New Research Chair in Sustainable Life of Dairy Cattle at McGill University


Dairy Farmers of Canada is pleased to provide financial support in partnership with Novalait, Valacta, University of McGill and the Natural Sciences and Engineering Research Council for a new Industry Research Chair in Sustainable Life of Dairy Cattle. The total partner investment in this research is over $1.6 million for five years.The research program will be led by NSERC Chairholder, Dr. Elsa Vasseur, McGill University.

The research falls under three major themes:

  1. Cow comfort and management
  2. Cow longevity
  3. Environment and Society

Under the cow comfort and management theme, research will address tie-stall systems (given their current prominence) and examine solutions for the transition to free-stall systems, for dairy farmers who wish to examine that option, all from the point of view of animal comfort and management. Each area will also be assessed in terms of potential economic benefits.

The cow longevity theme will assess the economic impact of risk factors for cow longevity related to management, housing, cow comfort and health, on the lifetime profit at the individual and herd level, and build decision-support tools to improve overall farm management, profit, and cow welfare and longevity, specifically by investigating i) Lifetime Profitability; ii) Rearing of Animals; and iii) Early Detection Indicators of Longevity.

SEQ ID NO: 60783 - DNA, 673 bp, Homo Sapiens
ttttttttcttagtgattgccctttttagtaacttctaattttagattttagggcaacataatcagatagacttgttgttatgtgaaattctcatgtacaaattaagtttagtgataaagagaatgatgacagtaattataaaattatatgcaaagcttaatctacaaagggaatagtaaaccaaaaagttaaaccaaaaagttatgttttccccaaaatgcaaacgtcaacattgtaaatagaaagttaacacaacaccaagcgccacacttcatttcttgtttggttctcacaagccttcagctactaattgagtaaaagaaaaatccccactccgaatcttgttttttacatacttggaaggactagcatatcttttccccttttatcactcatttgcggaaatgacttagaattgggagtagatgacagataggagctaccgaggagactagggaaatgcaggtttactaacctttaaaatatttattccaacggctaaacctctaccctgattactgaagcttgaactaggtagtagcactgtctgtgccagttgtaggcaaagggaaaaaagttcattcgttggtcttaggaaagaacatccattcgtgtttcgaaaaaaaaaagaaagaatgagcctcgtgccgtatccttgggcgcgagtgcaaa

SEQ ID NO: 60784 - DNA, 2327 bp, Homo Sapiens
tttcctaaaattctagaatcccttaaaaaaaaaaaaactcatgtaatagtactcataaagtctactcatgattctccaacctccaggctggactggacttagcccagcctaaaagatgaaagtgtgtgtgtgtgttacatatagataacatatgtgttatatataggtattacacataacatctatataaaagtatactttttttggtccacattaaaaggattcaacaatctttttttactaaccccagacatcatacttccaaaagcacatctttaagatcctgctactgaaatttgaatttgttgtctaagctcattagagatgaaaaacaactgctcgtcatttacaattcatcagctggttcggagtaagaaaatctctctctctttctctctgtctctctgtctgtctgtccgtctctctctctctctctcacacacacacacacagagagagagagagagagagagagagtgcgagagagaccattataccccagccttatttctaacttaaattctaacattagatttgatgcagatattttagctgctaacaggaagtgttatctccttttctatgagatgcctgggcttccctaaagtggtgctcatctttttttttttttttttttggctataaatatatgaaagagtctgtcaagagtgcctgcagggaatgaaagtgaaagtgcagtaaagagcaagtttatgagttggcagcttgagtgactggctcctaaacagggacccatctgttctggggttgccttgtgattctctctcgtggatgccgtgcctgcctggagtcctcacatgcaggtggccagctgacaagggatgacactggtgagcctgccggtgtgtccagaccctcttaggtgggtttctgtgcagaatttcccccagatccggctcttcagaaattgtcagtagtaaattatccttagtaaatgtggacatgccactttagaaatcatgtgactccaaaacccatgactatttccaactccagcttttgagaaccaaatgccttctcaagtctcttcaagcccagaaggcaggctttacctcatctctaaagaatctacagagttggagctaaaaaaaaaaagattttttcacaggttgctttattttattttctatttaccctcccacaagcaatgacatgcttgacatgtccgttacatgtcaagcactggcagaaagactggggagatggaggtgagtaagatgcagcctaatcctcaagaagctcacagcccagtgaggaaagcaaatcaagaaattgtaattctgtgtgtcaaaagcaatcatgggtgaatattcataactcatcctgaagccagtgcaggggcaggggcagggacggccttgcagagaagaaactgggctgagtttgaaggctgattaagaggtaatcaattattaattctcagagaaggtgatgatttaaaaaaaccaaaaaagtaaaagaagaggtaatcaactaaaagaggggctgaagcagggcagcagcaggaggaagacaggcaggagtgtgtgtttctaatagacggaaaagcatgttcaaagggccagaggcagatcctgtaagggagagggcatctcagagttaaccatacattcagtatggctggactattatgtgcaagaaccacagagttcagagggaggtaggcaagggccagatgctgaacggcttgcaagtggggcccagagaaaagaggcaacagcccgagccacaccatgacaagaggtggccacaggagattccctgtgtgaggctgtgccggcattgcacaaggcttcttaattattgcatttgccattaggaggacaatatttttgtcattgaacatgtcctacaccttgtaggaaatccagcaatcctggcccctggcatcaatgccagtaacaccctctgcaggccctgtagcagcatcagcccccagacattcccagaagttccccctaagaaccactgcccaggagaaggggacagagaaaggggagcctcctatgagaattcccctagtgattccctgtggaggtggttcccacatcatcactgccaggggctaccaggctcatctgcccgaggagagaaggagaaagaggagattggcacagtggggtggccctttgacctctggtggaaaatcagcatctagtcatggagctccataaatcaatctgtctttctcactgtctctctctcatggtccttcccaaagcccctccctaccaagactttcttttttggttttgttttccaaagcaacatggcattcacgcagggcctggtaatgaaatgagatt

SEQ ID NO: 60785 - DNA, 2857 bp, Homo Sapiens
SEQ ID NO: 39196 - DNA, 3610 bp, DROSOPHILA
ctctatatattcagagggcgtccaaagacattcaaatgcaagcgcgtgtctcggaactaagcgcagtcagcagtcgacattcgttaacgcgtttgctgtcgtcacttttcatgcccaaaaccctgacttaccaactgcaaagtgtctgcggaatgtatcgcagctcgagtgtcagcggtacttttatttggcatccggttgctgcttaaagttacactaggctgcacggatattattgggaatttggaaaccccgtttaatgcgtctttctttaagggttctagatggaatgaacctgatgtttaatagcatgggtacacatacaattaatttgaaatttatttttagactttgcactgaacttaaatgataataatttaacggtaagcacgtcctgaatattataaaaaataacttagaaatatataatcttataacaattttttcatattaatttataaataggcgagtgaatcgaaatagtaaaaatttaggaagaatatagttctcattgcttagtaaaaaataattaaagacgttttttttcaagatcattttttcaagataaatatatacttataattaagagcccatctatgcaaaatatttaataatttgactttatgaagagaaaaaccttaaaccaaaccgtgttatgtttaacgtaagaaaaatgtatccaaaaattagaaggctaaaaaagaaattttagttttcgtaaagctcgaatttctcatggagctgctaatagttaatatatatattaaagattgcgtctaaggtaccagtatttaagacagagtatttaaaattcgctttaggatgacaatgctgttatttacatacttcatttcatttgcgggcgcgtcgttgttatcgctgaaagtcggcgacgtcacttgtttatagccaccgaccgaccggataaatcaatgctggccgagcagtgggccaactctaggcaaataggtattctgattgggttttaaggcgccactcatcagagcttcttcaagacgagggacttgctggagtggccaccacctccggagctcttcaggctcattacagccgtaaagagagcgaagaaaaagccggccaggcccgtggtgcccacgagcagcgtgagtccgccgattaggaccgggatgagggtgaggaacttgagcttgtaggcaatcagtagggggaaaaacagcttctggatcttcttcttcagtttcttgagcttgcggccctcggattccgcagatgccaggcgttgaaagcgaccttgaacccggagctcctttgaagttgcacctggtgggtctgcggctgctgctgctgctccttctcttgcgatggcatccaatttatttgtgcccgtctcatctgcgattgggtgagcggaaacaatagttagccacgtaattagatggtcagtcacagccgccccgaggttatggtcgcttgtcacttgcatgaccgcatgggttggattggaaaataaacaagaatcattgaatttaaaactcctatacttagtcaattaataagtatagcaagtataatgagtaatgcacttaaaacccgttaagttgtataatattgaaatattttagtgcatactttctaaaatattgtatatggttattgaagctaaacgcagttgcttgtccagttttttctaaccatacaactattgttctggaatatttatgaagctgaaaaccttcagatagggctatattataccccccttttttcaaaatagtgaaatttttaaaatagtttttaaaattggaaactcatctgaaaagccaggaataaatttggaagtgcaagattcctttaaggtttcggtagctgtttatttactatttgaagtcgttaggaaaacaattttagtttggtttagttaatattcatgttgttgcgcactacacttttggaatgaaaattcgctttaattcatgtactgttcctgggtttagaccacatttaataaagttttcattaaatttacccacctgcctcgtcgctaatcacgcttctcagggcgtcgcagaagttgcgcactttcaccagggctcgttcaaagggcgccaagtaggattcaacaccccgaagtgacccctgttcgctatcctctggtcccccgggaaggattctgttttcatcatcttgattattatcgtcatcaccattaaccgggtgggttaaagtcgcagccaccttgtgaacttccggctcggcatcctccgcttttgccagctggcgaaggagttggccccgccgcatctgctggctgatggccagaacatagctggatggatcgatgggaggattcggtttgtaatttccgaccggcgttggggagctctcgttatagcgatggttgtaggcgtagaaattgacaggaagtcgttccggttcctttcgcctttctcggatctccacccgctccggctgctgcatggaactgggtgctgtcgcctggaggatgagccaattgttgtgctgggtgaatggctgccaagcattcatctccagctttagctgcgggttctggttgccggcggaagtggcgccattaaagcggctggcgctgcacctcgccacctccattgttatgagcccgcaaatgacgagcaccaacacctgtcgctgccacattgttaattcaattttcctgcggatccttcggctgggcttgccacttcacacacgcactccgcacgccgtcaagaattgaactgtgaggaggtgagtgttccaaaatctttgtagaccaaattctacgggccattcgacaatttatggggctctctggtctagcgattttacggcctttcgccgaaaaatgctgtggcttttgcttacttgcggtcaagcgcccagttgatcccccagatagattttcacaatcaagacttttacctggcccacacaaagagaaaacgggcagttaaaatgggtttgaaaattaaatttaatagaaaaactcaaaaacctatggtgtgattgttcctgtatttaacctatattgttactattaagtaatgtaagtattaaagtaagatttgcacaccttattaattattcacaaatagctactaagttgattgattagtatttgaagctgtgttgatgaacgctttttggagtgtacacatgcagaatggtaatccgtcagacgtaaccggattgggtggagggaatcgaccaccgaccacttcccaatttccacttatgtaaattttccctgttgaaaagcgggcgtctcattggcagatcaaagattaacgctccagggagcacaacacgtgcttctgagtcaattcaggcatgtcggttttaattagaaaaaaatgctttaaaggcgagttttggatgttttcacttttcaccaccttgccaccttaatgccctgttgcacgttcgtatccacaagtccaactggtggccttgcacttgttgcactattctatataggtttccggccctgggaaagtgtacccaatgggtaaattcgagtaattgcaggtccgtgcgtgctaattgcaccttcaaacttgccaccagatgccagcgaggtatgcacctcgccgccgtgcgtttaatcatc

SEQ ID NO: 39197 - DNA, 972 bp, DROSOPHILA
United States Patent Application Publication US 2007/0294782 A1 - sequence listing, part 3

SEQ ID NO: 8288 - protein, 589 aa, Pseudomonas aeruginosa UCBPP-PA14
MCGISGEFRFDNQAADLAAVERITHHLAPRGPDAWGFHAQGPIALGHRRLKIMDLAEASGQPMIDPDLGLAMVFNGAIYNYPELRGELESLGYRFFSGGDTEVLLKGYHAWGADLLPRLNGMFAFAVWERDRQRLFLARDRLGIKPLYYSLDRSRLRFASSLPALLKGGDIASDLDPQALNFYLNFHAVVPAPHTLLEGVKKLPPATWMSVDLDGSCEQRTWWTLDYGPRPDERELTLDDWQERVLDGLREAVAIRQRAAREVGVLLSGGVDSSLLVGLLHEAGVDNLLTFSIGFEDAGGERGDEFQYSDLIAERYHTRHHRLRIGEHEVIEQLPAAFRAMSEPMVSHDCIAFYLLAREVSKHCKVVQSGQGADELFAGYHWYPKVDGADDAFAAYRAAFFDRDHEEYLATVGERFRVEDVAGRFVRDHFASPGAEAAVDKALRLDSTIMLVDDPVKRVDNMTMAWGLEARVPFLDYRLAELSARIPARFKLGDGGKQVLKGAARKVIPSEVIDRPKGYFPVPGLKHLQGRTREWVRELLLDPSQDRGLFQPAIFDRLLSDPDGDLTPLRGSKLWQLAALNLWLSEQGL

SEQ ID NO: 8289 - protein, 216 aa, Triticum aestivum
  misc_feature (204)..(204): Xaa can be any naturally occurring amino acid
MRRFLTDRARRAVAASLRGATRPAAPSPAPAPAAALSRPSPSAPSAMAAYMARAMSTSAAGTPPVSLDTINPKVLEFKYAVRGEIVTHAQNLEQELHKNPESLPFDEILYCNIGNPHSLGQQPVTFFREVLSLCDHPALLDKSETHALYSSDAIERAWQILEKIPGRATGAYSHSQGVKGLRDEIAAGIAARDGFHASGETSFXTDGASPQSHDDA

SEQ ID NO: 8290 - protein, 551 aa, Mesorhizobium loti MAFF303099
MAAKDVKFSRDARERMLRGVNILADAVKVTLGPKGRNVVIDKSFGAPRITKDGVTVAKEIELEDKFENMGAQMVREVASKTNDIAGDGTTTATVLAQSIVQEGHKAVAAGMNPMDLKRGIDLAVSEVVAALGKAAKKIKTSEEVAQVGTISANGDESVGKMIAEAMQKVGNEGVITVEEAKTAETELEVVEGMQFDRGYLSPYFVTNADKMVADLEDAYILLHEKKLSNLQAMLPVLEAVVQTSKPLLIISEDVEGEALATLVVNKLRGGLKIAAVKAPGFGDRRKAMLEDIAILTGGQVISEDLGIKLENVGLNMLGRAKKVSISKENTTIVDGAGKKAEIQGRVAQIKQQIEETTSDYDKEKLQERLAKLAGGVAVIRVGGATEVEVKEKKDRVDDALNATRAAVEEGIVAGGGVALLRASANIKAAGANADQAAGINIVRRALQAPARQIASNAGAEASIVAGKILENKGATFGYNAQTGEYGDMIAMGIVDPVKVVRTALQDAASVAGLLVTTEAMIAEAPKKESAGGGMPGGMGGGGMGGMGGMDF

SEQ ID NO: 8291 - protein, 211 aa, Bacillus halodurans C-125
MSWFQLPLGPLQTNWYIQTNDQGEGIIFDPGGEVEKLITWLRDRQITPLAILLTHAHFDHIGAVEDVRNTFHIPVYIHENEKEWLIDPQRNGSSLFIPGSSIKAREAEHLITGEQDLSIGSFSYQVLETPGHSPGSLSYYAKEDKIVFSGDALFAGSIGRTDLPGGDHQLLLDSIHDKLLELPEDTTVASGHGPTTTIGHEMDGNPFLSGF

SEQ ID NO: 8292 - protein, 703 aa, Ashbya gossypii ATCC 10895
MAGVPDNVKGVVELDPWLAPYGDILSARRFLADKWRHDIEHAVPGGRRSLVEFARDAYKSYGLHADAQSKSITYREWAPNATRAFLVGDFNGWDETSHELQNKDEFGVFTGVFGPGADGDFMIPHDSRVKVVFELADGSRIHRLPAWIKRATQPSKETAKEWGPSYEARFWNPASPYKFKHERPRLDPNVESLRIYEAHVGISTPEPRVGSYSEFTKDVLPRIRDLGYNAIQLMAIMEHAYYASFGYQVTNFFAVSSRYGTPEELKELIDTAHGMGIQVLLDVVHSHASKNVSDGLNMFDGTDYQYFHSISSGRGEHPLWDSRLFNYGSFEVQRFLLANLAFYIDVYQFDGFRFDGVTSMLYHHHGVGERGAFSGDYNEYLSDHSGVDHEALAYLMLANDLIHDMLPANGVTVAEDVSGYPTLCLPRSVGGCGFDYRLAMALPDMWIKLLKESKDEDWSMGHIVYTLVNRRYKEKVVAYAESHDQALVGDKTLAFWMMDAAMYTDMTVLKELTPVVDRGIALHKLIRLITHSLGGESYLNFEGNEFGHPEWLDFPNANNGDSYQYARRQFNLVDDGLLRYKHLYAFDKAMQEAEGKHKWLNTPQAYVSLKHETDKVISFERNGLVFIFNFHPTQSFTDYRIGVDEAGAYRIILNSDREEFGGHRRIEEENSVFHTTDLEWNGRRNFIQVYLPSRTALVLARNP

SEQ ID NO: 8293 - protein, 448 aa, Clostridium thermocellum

The aim of the research carried out in the Environment and Society theme is to begin to understand, anticipate and prevent potential conflicts and solutions that would benefit both cow welfare and longevity (e.g., key practices and management systems identified in Research Themes 1 and 2), but that could counterbalance the overall sustainability of the farm and the farming system, by negatively affecting environmental impact and social acceptability.

In an interview with a journalist for the McGill Reporter, Vasseur explained the outcomes of the research chair program stating, “Economically speaking, having a cow in the herd longer makes sense. The trick is to present dairy producers with hard evidence that animal welfare is profitable because to this point it is still a hypothesis. A cow that is more comfortable is a more productive cow that stays longer in the herd – but we have to prove it. That is the work of this study, and we intend to put more numbers into it as proof.”

Dr. Elsa Vasseur – BIO


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